placing the measured member along a second of the boards with the marking members overlaying the second board and in said second predetermined spaced relation; and
marking the second board with marks at the adjusted locations of each of the marking members.
Description
BACKGROUND

The framing of a residential house with a pitched roof presents several problems well known to carpenters. One of these problems occurs in framing the end or gable of a pitched roof where vertical studs extend upwardly from a horizontal sill plate to the inclined rafter boards. Before assembling the studs with the sill and the rafters, both the sill and the rafters must be marked with lines indicating where each stud must be nailed in order for the stud to be perfectly plumb in its attachment between the sill and the rafter.

To accomplish this measuring and marking task in the past, a carpenter might use a common tape measure or perhaps a layout tool, or layout stick as it is commonly called, such as disclosed in the U.S. Pat. No. 3,169,320 to Currie. The layout tool of this patent has an elongated flat header plate and a plurality of shorter, flat branch plates. The branch plates are integral with the header plate, are spaced therealong, and extend outwardly from the header plate at right angles thereto. The discloses branch plates are at various spacings, specifically sixteen inches, twenty-four inches, thirty-two inches, and forty-eight inches from the endmost branch plate.

More commonly, the layout stick that is commercially available and used by many carpenters has these branch plates equally spaced along the header plate on either sixteen inch centers or twenty-four inch centers since these are the most common spacings of studs in residential construction. In any case, the branch plates of known layout sticks are integral with and in fixed space relation along the header plate.

In use of this well known layout stick, the carpenter first places the stick on the sill and marks it with lines indicating where the studs are to be nailed. Insofar as the rafters are concerned, however, the tool loses its utility since the stud marks on the rafter cannot be spaced the same distance apart as the marks on the sill. As will be understood, because of the rise of the roof, the spacing between adjacent studs as measured along the rafter, i.e. the hypotenuse of the triangle, will be slightly greater than the spacing between adjacent studs as measured along the sill, i.e. the base of the triangle. For example, if the studs are spaced along the sill on sixteen inch centers, and if for example the rise of the roof is three inches, the studs must be spaced along the rafter on sixteen and one eighth inch centers. The carpenter must therefor calculate this difference and then use another tool, i.e., a tape measure, to mark the rafters. Apart from the inconvenience, this procedure is prone to error in having to make a calculation after marking the sill and then in having to use a different tool to mark the rafters.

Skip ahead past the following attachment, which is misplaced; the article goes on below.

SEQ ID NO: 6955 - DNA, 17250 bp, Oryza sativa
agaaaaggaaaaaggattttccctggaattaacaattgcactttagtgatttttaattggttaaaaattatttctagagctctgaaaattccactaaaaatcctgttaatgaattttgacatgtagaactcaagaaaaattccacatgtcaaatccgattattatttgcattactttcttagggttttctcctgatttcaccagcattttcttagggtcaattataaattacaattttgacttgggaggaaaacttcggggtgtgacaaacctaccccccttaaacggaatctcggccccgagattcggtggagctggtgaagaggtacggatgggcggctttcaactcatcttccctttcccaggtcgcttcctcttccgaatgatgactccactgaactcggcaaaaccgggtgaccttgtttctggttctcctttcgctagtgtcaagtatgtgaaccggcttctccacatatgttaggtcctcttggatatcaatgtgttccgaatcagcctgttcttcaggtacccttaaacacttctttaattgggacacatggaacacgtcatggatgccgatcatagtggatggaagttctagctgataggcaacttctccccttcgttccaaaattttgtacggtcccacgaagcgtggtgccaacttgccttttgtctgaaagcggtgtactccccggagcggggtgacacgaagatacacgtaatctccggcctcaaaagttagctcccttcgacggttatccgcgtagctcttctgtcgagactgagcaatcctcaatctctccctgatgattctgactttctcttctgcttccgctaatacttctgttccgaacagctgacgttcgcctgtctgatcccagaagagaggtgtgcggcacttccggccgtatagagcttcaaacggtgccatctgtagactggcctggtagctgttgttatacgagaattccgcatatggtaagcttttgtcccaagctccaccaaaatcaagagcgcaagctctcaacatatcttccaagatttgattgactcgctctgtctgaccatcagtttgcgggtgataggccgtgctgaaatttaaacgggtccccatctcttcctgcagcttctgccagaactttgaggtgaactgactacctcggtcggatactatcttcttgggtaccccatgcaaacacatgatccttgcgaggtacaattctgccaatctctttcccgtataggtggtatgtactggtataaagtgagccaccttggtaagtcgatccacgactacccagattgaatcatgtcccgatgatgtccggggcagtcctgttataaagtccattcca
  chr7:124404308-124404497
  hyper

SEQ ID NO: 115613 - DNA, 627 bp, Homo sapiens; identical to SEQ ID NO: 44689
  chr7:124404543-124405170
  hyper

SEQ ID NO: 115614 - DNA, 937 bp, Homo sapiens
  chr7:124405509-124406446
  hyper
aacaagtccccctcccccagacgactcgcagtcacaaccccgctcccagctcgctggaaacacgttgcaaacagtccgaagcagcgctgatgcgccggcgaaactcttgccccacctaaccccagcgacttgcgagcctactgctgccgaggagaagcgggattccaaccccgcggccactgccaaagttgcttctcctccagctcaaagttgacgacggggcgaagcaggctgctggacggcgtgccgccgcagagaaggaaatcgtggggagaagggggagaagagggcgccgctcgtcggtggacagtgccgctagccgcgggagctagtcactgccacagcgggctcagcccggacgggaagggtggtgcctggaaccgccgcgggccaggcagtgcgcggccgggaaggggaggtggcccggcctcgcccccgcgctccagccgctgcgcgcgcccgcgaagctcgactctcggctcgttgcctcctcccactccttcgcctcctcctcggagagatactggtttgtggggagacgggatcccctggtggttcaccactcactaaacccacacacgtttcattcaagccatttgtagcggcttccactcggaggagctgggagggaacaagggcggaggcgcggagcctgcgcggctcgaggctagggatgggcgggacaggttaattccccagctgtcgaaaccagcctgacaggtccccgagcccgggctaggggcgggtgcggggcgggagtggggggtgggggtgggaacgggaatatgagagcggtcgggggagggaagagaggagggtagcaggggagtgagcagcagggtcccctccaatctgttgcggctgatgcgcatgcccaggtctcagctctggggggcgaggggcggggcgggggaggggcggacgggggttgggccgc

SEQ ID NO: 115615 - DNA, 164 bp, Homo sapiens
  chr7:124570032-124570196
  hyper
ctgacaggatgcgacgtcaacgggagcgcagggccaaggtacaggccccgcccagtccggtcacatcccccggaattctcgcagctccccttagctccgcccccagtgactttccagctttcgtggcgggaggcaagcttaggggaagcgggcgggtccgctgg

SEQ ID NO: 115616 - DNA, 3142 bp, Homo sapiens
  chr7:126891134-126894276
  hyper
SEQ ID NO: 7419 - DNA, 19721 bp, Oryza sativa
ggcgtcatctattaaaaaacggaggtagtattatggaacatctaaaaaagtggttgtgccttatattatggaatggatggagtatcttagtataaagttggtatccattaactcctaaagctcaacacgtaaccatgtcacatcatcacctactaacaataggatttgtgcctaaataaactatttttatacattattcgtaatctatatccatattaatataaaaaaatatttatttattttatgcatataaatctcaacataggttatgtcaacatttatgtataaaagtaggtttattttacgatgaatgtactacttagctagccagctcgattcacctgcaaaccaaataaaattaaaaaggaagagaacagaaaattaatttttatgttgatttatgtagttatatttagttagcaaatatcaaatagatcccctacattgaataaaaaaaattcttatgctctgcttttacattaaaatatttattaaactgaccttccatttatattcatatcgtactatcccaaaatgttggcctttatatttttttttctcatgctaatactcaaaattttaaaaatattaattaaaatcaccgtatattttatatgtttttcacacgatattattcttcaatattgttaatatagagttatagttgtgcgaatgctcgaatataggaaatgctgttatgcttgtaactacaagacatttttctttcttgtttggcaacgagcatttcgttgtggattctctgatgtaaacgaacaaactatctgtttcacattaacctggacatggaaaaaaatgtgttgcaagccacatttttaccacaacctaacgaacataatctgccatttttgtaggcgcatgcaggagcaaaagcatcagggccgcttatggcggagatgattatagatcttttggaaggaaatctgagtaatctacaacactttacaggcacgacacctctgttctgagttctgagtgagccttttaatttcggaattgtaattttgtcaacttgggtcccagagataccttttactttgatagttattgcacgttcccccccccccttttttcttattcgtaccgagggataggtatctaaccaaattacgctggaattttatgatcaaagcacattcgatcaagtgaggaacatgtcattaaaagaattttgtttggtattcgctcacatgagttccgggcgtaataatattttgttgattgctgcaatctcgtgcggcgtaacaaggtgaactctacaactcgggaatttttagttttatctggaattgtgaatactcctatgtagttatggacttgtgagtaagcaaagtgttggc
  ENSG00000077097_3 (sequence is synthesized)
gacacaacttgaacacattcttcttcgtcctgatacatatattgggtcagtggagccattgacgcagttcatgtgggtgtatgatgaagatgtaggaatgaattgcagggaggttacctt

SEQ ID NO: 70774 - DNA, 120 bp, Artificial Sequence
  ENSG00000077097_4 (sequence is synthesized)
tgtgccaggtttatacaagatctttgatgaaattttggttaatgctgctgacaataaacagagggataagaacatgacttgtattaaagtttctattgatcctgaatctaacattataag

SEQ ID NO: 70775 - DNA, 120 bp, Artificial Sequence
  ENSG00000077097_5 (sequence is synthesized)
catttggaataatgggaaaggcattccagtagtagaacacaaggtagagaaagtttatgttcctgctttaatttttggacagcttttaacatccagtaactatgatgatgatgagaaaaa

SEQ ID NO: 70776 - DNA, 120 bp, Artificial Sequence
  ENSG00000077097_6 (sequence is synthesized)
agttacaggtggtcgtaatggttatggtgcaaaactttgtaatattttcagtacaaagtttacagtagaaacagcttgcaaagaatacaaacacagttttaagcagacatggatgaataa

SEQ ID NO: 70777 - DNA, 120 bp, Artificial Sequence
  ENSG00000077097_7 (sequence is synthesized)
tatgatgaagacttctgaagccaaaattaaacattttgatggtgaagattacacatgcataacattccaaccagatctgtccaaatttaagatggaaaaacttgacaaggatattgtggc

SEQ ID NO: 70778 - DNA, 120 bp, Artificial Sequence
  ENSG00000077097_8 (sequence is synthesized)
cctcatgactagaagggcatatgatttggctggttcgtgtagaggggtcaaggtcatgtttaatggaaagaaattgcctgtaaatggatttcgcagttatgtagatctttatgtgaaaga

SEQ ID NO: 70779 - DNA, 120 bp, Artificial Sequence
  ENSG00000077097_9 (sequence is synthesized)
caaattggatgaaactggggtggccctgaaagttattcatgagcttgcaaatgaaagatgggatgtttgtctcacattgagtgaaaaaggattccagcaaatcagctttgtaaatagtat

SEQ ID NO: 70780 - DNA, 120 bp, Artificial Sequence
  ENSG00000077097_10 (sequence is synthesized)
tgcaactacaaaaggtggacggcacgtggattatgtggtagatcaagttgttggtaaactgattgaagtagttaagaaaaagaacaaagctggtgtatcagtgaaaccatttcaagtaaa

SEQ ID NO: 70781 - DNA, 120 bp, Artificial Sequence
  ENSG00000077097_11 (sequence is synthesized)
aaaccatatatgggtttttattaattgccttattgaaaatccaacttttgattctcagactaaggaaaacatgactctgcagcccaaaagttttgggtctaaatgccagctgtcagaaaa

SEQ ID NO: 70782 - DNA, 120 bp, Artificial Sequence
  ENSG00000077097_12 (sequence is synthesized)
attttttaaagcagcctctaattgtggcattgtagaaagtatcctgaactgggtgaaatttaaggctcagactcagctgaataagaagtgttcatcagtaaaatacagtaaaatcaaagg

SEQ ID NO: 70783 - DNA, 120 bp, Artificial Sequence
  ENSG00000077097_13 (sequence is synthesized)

SUMMARY

A construction tool and method for its use in laying out stud marks are provided. The tool is adjustable and is especially suited for laying out stud marks on a rafter of a pitched roof so as to be aligned with the corresponding stud marks on a sill beneath the rafter. The tool includes an elongated measuring member; stud-marking members attached to the measuring member in spaced, transverse relation therealong, at least one of the marking members being adjustable along the measuring member; measurement indicia on the measuring member that enables the spacing between the marking members to be set; and conversion indicia on one or more of the members that sets forth the relationship among various roof rises and stud spacings on sills and rafters. The method involves laying out markings on the sill and rafter boards with the tool including the steps of placing the layout tool along a first of the boards, e.g., either a sill or a rafter, with the marking members in a first predetermined spaced relation to each other depending on the desired spacing between marks to be made along the first board; marking the first board with marks at the locations of each of the marking members; adjusting the spacing between the marking members to a second predetermined spaced relation to each other depending on the desired spacing between marks to be made along the second board; and marking the second board, e.g., either the sill or the rafter depending on which board was first marked. with marks at the adjusted locations of each of the marking members.

An object of this invention is to provide an adjustable layout tool and a method for its use in laying out stud marks in a building construction.

Another object is to facilitate laying out stud marks on sills and rafters of a building with a pitched roof.

An additional object is to minimize the time required to layout stud marks on sill and rafter boards and other construction elements.

A further object is to provide a single adjustable tool for making stud marks on inclined rafters that match corresponding stud marks on the sill under the rafters.

Another object is to provide a single tool for measuring and marking sill and rafter boards that allows either board to be marked first and that is quickly adjustable to mark the other board second.

An additional object is to enable sills and rafters and other construction elements to be simultaneously laid out by using different adjustable layout tools as provided by the subject invention, each tool being adjusted for the specific measurements required.